11 immersive online courses to dive into this fall

2021 continues to bring changes to the ways we live and work—and when the new academic year begins in August, many adults will begin a new educational journey as well. Maybe today’s pressing global issues such as extreme weather and epidemiology have inspired you to brush up on scientific reasoning and mathematical logic. Maybe your workplace is experiencing new social dynamics with a full or partial return to the office, or you want to cultivate a practice of creative and cultural education in the future. Wherever you are, whatever your goals, Penn LPS Online makes it easy to enroll in accelerated online courses that fit your evolving lifestyle.  

Fall 2021 course registration is open now; current students can enroll in fall courses at any time using Path@Penn. If you’re new to Penn LPS Online, you can enroll as a certificate or course taker by August 15—and open enrollment makes getting started easy. Prospective Bachelor of Applied Arts and Sciences students can apply by August 1 for a fall 2 start.

What do you want to learn how to do this fall?

See the world through a global perspective

CLCH 3100: Global Environmental Issues

Climate change is a complex problem, and not just because of the interplay of environmental processes like ocean currents and air circulation. Studying climate from a global perspective means understanding how different regions around the world are impacted by the rising average global temperature, as well as how different nations try to address and prevent economic and environmental consequences.

Indeed, climate change presents challenges too complex for any one individual to tackle—which is why the culminating assignment in this new fall course is a group project, giving students some hands-on experience with the multidisciplinary collaboration that is so vital to climate research and communication. In the process, students will get up to speed on the most current environmental issues and policies, and also develop the high-level critical thinking skills that characterize global studies courses. There are no prerequisites for CLCH 3100: Global Environmental Issues, although students are encouraged to first complete other courses in the Certificate in Climate Change for a more robust understanding of environmental science.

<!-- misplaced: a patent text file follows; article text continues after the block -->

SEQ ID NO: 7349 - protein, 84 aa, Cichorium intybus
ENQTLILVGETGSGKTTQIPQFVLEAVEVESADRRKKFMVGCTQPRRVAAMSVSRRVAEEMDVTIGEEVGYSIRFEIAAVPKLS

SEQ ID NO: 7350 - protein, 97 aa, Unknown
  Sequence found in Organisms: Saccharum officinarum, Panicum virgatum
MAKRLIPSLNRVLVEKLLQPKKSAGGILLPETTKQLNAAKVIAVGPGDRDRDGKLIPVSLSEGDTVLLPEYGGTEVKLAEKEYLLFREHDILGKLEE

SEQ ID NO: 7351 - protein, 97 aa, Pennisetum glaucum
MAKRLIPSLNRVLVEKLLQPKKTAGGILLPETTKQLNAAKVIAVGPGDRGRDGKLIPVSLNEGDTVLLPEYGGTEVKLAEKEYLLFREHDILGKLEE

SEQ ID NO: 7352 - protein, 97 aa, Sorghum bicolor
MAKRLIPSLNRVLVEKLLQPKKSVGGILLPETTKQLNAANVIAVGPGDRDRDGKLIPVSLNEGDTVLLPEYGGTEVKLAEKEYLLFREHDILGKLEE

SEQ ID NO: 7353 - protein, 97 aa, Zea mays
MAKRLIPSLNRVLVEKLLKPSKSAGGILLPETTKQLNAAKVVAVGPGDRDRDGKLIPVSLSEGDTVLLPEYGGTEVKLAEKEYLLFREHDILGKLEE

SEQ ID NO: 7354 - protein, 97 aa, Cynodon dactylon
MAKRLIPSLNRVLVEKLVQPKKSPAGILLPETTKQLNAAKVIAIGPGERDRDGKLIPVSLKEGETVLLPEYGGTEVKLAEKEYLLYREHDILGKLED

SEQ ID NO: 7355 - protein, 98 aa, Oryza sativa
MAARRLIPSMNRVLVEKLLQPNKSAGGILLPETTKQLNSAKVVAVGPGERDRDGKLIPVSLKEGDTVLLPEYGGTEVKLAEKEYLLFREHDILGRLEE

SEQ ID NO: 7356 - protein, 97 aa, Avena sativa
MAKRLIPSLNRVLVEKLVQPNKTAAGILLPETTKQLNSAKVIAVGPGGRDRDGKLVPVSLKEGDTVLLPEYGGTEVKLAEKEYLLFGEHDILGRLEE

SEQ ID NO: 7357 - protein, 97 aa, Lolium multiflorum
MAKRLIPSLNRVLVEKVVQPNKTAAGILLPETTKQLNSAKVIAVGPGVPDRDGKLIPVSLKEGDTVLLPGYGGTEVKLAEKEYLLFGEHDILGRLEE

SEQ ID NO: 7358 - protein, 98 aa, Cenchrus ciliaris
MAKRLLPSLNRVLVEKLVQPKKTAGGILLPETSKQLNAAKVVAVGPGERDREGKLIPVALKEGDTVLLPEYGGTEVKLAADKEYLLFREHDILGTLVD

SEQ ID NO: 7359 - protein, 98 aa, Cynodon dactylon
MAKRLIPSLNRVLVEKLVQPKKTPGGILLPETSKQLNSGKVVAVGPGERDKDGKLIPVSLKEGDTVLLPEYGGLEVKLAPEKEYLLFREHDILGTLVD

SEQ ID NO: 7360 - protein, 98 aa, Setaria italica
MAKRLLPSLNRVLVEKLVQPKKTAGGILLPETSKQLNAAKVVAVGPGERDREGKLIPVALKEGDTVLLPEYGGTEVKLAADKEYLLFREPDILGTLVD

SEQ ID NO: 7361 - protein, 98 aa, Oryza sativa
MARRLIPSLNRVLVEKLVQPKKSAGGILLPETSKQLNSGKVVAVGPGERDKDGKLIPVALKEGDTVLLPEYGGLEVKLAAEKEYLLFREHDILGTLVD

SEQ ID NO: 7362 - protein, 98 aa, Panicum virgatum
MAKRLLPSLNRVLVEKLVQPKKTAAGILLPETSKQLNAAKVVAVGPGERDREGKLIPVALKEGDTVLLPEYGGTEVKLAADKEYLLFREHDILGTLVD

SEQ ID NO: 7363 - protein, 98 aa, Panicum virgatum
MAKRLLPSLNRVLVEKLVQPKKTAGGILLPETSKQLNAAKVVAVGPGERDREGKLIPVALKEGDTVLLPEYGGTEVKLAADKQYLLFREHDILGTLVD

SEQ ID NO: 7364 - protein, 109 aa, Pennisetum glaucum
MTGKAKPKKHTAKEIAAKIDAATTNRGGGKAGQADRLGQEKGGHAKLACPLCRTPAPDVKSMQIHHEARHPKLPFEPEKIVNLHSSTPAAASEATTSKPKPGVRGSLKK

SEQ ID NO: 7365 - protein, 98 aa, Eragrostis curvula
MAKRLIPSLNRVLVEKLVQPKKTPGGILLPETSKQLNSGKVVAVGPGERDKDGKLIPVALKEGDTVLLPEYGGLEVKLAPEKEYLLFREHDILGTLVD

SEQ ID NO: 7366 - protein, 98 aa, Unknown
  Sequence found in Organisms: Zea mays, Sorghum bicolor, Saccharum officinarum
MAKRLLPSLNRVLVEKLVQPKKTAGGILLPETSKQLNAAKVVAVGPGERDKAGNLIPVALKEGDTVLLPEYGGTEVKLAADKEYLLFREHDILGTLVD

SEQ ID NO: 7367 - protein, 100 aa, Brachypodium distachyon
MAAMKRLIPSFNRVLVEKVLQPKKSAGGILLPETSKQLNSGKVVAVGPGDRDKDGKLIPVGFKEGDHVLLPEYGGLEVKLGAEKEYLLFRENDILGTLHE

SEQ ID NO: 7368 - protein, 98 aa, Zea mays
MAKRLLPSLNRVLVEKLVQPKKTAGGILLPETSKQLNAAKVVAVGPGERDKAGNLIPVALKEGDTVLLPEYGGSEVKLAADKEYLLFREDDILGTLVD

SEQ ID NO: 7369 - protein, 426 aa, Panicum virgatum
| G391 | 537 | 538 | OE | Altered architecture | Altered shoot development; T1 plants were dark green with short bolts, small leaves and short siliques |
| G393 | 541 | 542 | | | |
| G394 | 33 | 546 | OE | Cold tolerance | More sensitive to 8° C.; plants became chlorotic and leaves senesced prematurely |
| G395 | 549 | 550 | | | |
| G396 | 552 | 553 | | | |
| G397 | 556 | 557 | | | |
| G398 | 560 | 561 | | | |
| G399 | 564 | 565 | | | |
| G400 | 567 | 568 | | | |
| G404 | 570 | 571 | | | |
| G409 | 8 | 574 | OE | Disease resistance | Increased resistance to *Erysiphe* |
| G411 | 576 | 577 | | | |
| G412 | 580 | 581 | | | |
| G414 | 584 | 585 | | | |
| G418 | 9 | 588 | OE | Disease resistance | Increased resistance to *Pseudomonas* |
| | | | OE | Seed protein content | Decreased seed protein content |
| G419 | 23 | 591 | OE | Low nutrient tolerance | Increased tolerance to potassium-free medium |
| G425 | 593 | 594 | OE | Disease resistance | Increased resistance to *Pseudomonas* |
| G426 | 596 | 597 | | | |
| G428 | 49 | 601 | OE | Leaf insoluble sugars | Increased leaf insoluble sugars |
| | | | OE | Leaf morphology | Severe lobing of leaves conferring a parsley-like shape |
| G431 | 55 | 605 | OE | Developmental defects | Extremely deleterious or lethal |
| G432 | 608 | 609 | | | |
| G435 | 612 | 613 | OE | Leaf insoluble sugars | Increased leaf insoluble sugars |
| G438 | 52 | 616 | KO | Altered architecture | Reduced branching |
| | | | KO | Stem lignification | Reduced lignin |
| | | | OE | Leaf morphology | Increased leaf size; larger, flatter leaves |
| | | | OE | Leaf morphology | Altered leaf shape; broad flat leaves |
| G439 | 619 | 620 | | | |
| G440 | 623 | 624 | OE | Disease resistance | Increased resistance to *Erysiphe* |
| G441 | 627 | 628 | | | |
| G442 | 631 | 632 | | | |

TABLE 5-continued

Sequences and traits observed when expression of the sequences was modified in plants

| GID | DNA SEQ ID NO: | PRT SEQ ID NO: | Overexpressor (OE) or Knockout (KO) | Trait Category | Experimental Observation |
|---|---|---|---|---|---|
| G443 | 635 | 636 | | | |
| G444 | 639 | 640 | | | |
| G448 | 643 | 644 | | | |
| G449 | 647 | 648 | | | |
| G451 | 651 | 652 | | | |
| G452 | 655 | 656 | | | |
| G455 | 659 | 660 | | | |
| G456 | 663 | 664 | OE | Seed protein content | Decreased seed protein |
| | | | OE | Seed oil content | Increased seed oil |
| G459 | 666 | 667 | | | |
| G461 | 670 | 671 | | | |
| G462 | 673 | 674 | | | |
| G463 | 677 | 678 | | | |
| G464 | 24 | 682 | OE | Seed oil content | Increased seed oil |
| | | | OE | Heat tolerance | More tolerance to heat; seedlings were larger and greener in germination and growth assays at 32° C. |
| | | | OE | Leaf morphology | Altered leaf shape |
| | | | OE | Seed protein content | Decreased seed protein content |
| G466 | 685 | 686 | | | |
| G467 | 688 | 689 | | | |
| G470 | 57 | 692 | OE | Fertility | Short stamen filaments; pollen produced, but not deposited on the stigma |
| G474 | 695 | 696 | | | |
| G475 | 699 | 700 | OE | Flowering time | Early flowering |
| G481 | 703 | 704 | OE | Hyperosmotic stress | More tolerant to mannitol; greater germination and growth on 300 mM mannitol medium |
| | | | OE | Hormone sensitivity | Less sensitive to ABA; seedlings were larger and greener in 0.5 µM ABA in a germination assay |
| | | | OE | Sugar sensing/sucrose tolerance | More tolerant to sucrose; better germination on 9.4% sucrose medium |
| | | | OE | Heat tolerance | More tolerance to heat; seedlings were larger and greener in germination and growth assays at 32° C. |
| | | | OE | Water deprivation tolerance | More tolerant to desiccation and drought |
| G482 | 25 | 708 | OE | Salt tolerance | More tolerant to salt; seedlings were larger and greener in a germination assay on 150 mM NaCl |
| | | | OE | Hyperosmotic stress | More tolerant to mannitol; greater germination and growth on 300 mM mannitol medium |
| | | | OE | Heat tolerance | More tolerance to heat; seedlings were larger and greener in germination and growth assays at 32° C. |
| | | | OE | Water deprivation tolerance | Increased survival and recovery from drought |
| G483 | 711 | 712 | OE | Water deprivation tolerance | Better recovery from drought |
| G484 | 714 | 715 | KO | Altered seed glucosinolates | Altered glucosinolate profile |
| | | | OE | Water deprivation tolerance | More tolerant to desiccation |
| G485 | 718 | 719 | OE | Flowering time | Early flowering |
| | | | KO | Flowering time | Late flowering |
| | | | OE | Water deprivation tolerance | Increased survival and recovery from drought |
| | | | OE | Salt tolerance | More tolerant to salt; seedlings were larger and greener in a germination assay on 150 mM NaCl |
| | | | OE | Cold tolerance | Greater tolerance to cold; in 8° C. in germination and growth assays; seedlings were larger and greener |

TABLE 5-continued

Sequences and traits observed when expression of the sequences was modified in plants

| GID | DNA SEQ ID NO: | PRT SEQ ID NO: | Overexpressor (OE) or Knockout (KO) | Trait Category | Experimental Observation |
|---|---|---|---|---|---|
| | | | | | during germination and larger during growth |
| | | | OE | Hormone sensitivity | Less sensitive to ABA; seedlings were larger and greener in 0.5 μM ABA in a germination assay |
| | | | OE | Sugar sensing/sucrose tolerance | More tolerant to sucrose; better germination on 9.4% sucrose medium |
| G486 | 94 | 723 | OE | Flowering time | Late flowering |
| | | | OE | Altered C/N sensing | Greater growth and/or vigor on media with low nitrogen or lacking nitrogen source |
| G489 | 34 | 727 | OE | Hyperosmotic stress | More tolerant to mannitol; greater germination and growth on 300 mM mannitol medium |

GLBS 1000: Introduction to Global Studies

The field of global studies trains the flexibility of the mind: you exercise qualitative skills like analytical thinking and communication while moving deftly between granular detail and a broad high-level perspective. This introductory course establishes a wide-angle view of how people, cultures, and ideas move around the world that is particularly helpful if you plan to study the history, politics, and culture of specific regions such as the Middle East, Japan, or Russia—and, taken on its own, global thinking is a career-boosting skill that promotes complex problem-solving and future-forward planning.

Strengthen your command of scientific reasoning

PHYL 1200: Foundations of Life Sciences

Whether we realize it or not, we all depend on the scientific method to make decisions in the real world—we use scientific reasoning to decide how to eat, how to observe and assess effectiveness at home and work, and how to manage risk during a global pandemic. No prior experience with college-level science is necessary for this introductory course, which offers the ideal opportunity to brush up on biology and enhance your understanding of the scientific processes that most interest you, from metabolism and genetics to ecology and culinary science. Now associated with the new Certificate in Science Foundations, the PHYL 1200: Foundations of Life Sciences can be taken individually but may whet your appetite for further study in the sciences.